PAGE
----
The Department's Transformational Energy Action Management (TEAM) Initiative puts DOE on an aggressive footing toward meeting and exceeding President George W. Bush's executive order to reduce energy use across the federal government. In exceeding the TEAM GHG goal, NREL has pledged to reduce its total U.S. greenhouse gas emissions by 75 percent from FY2005 to FY2009 as part of the Laboratory's participation in the Environmental Protection Agency's (EPA) Climate Leaders Program.

“Our goal is one of the most aggressive in the national Climate Leaders Program and in the DOE complex,” said Bob Westby, manager of NREL's Federal Energy Management Program and Sustainable NREL Lead.

To help achieve its new goal, NREL will install two major on-site renewable energy projects: photovoltaics on a five acre site will provide approximately 7 percent of the Laboratory's electric needs and a biomass combustion plant fueled by forest thinnings and other regional wood wastes will offset the need for about 75 percent of its South Table Mountain campus natural gas use.

Both projects are notable for their use of private financing and contracting mechanisms. The Renewable Fuels Heating Plant will use an Energy Savings Performance Contract (ESPC). Under an ESPC a private sector energy services company (ESCO) will finance, install and operate the plant and be reimbursed out of the savings over the term of the contract. The photovoltaics project will use a Power Purchase Agreement (PPA). Under a PPA, the private sector developer owns and operates the project. DOE/NREL agree to purchase the electric output of the project over the term of the project at price equal to or less than would have been paid to the local utility.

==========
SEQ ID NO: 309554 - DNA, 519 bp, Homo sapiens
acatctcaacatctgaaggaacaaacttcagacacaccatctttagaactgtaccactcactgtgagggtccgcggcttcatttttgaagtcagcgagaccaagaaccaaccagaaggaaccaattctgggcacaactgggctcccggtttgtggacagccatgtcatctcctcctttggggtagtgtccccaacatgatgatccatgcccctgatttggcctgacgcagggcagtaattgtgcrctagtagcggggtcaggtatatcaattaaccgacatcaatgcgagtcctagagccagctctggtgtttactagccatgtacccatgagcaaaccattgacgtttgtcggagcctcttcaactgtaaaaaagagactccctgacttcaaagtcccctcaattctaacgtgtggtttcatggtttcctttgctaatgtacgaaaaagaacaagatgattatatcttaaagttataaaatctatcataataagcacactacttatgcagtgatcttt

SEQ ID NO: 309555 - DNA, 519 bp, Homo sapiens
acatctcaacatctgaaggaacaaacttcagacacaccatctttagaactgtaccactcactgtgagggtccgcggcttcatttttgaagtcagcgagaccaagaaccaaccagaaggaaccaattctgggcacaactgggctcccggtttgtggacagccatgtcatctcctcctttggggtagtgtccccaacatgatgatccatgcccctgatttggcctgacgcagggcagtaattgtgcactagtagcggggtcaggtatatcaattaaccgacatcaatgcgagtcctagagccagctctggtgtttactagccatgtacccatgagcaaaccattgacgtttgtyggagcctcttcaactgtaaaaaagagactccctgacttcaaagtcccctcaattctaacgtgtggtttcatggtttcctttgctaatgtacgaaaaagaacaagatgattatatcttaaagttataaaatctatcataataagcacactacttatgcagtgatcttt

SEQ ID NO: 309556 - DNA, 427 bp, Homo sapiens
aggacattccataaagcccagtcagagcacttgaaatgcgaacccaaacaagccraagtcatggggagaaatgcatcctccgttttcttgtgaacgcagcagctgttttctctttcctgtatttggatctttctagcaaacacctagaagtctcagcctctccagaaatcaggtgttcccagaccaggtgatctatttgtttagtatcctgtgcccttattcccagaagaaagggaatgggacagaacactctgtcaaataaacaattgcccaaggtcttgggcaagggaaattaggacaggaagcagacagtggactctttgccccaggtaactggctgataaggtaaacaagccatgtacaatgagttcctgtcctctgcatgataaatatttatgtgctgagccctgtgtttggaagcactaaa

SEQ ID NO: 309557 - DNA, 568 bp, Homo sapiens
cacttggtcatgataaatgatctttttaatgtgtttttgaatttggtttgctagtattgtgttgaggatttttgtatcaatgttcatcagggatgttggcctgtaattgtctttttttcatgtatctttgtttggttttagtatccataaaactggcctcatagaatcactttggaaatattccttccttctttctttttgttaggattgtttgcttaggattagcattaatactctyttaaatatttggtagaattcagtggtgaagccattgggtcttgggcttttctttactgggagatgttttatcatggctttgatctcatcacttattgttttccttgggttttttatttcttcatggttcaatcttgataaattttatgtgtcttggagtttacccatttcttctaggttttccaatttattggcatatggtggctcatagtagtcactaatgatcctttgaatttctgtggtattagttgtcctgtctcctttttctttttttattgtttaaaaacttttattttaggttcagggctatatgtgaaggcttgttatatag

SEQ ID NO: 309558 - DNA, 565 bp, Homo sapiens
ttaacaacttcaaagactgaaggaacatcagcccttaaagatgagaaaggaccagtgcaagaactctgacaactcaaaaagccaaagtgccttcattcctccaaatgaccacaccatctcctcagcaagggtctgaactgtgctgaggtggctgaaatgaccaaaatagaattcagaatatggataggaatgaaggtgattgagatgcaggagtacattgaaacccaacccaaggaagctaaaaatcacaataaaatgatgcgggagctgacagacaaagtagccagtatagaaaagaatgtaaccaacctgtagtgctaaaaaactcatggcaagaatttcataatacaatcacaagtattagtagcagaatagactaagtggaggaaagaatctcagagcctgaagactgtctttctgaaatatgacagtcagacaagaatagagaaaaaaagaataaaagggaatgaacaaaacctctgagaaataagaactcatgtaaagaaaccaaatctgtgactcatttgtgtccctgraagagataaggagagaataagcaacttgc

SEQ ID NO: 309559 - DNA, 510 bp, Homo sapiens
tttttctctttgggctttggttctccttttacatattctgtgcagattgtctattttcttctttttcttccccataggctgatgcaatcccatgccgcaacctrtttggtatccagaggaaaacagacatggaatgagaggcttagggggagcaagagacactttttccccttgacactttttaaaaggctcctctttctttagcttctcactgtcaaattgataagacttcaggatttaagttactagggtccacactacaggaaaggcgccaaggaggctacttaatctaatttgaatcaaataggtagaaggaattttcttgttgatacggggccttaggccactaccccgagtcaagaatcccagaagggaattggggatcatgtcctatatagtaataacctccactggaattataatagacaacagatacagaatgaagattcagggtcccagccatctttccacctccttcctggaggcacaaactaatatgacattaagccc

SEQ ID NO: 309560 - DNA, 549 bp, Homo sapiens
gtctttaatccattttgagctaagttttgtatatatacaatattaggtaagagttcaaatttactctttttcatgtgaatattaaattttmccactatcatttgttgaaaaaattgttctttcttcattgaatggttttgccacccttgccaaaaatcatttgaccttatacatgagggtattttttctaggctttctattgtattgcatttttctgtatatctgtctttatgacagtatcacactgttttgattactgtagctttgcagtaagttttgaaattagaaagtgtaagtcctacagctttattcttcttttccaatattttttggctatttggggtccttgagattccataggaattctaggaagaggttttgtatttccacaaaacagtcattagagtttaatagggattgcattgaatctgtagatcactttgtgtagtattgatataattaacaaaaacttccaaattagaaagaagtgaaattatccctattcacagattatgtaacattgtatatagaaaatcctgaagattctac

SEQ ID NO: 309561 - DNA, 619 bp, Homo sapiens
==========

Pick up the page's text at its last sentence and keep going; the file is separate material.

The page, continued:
Building energy efficient and sustainable new buildings also contributed to meeting the goal. In April, the Laboratory's Science & Technology Facility became the first federal laboratory building to be certified at the Platinum level, the highest in the Green Buildings Council's Leadership in Energy and Environmental Design (LEED) Green Building program.

The Laboratory purchases renewable energy certificates (RECs) to offset all of its indirect emissions from electricity use as well as the remainder of its overall “environmental footprint.” This includes the balance of the natural gas use, employee commuting, national and international air travel, fleet use, etc. This practice helped the Laboratory achieve “carbon neutrality” beginning in FY2006.

In FY2005, NREL was the first national laboratory or federal agency to join the Climate Leaders Program and was one of seven original participants to set and meet goals

“I am fully convinced that our mission is both enabled and enhanced by our leadership in sustainability,” NREL Director Dan Arvizu said.“ The employees of NREL are committed to incorporating sustainable principles in our work, and we encourage application of these same principles by our stakeholders. Through our actions we can establish a new benchmark for what is possible."

Submitted by DOE's National Renewable
Energy Laboratory